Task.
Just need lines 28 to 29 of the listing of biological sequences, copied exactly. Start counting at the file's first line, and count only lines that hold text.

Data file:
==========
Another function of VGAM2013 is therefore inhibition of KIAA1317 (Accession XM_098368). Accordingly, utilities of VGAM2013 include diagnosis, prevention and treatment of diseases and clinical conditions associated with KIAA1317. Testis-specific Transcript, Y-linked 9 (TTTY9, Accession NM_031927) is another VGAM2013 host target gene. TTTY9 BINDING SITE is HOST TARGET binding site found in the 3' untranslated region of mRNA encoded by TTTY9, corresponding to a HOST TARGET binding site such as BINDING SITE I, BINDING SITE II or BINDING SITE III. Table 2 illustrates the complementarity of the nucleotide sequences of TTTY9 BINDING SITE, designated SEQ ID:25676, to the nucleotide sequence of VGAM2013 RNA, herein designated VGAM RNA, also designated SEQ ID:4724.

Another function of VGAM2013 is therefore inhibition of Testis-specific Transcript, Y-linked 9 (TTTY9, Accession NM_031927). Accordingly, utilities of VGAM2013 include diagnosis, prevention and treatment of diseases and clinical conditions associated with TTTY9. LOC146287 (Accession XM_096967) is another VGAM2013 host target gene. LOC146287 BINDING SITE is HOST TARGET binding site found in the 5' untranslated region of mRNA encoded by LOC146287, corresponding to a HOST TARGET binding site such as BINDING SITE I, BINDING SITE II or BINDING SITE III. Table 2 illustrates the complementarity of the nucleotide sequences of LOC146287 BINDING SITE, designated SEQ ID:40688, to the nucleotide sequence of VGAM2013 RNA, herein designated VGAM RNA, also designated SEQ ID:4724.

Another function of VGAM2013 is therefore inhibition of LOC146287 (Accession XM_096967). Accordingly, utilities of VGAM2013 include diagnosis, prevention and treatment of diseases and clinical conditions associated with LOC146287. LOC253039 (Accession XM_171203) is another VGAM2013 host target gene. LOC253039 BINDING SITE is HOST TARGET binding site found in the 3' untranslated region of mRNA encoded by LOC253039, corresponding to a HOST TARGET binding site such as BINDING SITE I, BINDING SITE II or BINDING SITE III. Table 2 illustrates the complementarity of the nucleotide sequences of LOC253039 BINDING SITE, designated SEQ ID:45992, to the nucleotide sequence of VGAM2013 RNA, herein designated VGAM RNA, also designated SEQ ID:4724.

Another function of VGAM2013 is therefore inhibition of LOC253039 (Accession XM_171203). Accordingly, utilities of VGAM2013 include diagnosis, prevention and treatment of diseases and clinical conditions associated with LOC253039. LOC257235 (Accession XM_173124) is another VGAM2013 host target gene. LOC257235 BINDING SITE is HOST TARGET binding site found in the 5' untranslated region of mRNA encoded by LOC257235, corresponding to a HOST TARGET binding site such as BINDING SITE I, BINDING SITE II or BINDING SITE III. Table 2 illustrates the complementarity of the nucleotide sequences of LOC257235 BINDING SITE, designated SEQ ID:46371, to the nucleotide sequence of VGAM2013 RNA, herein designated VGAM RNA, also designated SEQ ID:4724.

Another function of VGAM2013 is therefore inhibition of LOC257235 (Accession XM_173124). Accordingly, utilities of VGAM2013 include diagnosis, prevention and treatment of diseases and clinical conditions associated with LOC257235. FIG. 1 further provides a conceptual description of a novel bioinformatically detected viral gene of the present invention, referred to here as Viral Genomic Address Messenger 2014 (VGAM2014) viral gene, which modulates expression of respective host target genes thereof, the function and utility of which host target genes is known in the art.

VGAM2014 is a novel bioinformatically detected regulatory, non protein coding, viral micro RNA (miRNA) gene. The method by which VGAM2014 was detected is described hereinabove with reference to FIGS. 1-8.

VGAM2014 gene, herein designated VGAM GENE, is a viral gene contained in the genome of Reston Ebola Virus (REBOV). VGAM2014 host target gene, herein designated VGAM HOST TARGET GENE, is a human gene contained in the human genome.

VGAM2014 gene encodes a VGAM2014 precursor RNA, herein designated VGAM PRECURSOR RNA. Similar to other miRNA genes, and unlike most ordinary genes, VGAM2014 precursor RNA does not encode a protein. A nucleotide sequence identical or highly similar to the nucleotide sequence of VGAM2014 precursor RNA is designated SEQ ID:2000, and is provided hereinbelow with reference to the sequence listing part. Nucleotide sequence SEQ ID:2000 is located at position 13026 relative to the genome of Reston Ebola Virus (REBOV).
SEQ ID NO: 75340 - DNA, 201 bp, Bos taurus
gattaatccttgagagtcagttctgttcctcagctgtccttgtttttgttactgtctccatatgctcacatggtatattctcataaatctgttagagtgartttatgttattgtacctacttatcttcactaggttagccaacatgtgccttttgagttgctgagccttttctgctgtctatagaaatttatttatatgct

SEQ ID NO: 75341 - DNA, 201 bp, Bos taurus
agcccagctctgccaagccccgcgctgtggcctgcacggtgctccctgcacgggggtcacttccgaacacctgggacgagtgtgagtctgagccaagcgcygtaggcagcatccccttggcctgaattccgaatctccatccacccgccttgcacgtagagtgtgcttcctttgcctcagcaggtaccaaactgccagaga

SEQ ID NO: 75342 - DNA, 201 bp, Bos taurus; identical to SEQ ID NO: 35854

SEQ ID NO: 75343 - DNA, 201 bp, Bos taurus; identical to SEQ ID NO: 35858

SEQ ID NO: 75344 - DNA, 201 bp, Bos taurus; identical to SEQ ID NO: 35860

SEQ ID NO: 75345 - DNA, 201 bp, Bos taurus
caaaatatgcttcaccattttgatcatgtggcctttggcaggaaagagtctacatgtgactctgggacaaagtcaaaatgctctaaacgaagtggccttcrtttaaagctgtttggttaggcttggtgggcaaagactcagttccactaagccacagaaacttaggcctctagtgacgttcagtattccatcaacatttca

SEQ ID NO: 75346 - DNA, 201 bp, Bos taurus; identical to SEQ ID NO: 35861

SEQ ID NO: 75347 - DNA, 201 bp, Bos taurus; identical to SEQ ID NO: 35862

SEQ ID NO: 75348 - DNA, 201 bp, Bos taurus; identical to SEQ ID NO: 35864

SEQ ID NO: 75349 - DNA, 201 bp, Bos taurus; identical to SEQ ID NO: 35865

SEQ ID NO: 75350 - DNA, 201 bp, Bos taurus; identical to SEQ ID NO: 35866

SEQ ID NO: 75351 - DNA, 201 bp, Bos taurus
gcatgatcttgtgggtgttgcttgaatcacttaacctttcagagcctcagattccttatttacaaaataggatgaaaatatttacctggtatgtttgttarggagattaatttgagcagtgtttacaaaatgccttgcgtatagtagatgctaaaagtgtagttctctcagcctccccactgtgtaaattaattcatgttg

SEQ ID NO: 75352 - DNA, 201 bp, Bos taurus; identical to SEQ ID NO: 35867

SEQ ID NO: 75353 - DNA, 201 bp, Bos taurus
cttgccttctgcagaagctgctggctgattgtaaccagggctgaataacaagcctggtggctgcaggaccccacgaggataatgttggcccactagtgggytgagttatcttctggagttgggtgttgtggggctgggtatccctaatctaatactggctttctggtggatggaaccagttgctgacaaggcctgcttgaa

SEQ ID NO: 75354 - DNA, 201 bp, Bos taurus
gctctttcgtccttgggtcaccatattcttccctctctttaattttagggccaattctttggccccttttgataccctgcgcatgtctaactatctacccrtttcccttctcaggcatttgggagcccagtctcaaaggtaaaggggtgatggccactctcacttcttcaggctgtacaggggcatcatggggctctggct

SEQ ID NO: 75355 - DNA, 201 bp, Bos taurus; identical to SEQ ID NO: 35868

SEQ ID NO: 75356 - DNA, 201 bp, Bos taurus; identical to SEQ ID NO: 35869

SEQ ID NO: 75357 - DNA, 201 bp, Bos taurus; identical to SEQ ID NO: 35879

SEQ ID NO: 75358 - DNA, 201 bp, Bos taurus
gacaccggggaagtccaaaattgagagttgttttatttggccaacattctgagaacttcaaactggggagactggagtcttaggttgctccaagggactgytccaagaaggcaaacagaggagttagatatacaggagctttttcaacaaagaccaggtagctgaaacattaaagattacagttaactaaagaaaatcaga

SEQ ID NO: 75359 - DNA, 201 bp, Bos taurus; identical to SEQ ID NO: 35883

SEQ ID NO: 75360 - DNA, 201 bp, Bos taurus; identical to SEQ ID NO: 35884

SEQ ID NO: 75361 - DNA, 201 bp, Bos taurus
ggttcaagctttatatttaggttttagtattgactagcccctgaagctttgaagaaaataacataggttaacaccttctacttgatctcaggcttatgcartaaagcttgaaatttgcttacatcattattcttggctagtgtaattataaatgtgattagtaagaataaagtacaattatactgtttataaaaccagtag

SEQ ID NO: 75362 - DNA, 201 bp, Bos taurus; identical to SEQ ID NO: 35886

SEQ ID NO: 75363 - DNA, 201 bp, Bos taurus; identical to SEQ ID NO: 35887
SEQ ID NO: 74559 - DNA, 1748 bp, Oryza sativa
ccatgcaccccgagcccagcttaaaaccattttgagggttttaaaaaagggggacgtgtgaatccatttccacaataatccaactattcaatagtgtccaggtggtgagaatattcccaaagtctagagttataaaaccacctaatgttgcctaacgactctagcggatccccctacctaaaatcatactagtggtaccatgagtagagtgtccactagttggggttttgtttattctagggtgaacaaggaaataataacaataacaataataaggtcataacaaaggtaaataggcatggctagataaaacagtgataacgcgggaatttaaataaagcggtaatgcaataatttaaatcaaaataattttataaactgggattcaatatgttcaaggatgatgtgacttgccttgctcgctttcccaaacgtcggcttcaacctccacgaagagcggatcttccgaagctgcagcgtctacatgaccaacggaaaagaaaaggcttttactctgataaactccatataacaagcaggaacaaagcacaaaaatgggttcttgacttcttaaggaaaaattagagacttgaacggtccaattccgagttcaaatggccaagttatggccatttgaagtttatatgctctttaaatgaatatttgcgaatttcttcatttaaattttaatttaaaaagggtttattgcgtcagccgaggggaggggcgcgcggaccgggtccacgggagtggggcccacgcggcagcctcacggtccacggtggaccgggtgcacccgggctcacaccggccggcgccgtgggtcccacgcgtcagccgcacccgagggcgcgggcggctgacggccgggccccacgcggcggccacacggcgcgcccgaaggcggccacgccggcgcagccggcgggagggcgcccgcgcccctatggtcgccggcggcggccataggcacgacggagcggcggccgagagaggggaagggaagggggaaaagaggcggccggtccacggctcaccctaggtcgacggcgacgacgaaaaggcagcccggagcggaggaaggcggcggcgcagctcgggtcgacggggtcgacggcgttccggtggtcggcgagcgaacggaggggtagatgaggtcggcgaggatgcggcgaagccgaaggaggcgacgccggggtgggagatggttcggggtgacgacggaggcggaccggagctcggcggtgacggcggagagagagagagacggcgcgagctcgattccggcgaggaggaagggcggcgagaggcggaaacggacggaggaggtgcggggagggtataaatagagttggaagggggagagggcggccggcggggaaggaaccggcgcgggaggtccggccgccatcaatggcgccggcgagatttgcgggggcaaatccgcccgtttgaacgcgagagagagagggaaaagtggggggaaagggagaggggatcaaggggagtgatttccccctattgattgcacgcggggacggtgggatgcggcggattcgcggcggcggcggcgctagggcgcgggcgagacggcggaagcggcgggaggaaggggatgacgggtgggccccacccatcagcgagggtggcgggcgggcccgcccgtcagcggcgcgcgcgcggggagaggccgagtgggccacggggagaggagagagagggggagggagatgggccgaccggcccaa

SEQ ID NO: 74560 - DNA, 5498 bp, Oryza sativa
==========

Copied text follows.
SEQ ID NO: 75354 - DNA, 201 bp, Bos taurus
gctctttcgtccttgggtcaccatattcttccctctctttaattttagggccaattctttggccccttttgataccctgcgcatgtctaactatctacccrtttcccttctcaggcatttgggagcccagtctcaaaggtaaaggggtgatggccactctcacttcttcaggctgtacaggggcatcatggggctctggct